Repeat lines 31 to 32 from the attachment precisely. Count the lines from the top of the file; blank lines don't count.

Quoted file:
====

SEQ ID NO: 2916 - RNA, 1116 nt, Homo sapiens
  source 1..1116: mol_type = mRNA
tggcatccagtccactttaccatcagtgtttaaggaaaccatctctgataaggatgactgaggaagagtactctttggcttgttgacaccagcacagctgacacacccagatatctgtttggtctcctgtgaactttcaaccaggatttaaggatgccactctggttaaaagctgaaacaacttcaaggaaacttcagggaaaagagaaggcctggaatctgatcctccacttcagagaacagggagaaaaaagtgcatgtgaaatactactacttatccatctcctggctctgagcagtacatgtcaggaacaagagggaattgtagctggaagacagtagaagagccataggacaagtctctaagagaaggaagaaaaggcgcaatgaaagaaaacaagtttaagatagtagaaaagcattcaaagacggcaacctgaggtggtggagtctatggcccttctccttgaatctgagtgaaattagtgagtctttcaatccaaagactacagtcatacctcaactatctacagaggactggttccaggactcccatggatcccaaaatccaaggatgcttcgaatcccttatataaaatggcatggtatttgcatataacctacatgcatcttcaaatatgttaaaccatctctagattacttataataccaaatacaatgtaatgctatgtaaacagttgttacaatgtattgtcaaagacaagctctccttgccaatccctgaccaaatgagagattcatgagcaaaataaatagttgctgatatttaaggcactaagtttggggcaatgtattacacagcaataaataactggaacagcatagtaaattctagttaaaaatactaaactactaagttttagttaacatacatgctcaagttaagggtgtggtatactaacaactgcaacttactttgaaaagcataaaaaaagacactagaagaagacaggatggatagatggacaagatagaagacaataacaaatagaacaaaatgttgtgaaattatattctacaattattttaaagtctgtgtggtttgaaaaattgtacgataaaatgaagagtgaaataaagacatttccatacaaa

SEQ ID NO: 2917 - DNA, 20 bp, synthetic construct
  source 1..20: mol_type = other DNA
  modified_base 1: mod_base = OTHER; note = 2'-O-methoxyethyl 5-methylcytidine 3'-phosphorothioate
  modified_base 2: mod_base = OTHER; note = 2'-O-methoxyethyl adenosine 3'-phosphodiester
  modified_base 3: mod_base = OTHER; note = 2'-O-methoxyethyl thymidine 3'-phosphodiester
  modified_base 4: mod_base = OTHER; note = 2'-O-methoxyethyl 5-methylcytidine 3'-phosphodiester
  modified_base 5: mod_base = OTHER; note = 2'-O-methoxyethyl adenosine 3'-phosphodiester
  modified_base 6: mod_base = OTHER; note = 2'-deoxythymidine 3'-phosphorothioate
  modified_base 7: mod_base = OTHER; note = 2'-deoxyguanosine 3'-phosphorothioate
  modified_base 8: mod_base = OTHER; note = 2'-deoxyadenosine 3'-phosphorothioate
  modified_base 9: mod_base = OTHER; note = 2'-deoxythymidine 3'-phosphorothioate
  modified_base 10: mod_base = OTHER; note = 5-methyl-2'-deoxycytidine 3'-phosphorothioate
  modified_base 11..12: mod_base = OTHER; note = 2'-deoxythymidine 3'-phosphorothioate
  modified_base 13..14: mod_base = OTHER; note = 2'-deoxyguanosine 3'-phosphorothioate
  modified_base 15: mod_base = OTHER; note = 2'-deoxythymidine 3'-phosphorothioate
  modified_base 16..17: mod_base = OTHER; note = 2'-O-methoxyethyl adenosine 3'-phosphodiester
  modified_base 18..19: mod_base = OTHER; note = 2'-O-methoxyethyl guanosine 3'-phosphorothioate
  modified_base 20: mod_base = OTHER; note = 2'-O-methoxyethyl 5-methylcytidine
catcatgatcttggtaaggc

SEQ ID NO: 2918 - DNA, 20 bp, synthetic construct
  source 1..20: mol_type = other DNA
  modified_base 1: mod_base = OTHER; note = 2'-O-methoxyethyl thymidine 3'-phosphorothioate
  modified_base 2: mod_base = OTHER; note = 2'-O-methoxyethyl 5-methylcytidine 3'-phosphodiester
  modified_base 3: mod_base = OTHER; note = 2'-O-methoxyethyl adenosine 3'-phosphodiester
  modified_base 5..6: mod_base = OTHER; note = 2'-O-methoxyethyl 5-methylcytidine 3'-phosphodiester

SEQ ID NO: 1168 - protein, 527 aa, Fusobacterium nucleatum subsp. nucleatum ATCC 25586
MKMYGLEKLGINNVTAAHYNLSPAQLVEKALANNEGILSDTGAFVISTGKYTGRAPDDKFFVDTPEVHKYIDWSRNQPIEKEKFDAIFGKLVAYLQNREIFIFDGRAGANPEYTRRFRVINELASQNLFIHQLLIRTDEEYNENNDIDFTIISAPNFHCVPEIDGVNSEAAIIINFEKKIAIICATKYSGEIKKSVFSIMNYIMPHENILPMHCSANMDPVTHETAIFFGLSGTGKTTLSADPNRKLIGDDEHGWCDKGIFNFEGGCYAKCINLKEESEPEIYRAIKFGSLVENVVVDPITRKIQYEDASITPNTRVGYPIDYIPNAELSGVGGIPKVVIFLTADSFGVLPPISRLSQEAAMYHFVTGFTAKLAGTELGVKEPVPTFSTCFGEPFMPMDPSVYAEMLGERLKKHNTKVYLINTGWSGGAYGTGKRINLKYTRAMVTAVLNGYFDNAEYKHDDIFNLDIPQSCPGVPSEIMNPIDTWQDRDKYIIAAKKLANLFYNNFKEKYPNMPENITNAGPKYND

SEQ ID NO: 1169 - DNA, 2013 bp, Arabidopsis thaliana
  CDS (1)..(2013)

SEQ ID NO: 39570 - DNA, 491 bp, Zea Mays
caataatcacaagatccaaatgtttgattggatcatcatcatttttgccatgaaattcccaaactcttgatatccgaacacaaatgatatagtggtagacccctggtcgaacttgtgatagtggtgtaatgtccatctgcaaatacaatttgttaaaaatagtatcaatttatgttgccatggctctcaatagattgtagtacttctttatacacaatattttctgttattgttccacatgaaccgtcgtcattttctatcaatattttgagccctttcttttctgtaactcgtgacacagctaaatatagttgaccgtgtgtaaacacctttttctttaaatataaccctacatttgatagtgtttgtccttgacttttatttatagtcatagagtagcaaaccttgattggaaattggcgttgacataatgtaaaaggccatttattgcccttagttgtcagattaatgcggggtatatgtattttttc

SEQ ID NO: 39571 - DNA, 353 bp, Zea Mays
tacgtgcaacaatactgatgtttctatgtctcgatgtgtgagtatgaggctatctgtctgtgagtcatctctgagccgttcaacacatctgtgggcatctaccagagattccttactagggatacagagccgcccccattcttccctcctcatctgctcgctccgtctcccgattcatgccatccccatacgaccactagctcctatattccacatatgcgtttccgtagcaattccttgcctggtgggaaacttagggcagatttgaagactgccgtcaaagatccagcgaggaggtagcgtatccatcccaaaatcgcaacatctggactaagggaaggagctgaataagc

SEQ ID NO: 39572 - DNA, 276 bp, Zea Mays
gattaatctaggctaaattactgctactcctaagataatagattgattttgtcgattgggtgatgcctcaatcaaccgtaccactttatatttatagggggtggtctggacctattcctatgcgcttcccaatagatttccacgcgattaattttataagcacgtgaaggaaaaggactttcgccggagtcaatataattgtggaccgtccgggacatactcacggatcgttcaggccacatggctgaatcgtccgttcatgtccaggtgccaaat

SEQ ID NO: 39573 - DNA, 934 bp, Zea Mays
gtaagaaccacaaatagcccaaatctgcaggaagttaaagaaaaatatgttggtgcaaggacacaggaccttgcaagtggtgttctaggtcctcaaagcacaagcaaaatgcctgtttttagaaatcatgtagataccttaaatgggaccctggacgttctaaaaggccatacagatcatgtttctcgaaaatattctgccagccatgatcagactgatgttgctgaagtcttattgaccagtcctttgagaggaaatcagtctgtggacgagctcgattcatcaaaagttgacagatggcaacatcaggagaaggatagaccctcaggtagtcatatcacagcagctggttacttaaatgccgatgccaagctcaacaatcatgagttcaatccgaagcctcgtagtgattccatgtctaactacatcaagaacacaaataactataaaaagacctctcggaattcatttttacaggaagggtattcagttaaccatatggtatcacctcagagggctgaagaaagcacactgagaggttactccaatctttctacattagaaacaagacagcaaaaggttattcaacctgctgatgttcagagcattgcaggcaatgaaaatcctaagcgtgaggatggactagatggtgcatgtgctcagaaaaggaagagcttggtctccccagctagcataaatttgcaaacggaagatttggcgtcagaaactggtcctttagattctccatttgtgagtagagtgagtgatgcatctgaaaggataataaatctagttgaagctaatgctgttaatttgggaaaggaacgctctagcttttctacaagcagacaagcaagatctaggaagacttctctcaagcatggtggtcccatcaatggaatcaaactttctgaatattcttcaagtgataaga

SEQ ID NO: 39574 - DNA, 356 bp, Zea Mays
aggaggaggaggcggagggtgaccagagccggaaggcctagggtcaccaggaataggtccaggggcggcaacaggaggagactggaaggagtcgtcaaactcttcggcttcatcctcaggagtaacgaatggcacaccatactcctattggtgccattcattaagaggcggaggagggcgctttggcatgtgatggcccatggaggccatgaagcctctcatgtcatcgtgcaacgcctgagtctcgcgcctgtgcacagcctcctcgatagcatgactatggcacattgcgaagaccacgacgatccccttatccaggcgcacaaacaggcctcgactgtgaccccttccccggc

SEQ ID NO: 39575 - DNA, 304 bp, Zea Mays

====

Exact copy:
SEQ ID NO: 1169 - DNA, 2013 bp, Arabidopsis thaliana
  CDS (1)..(2013)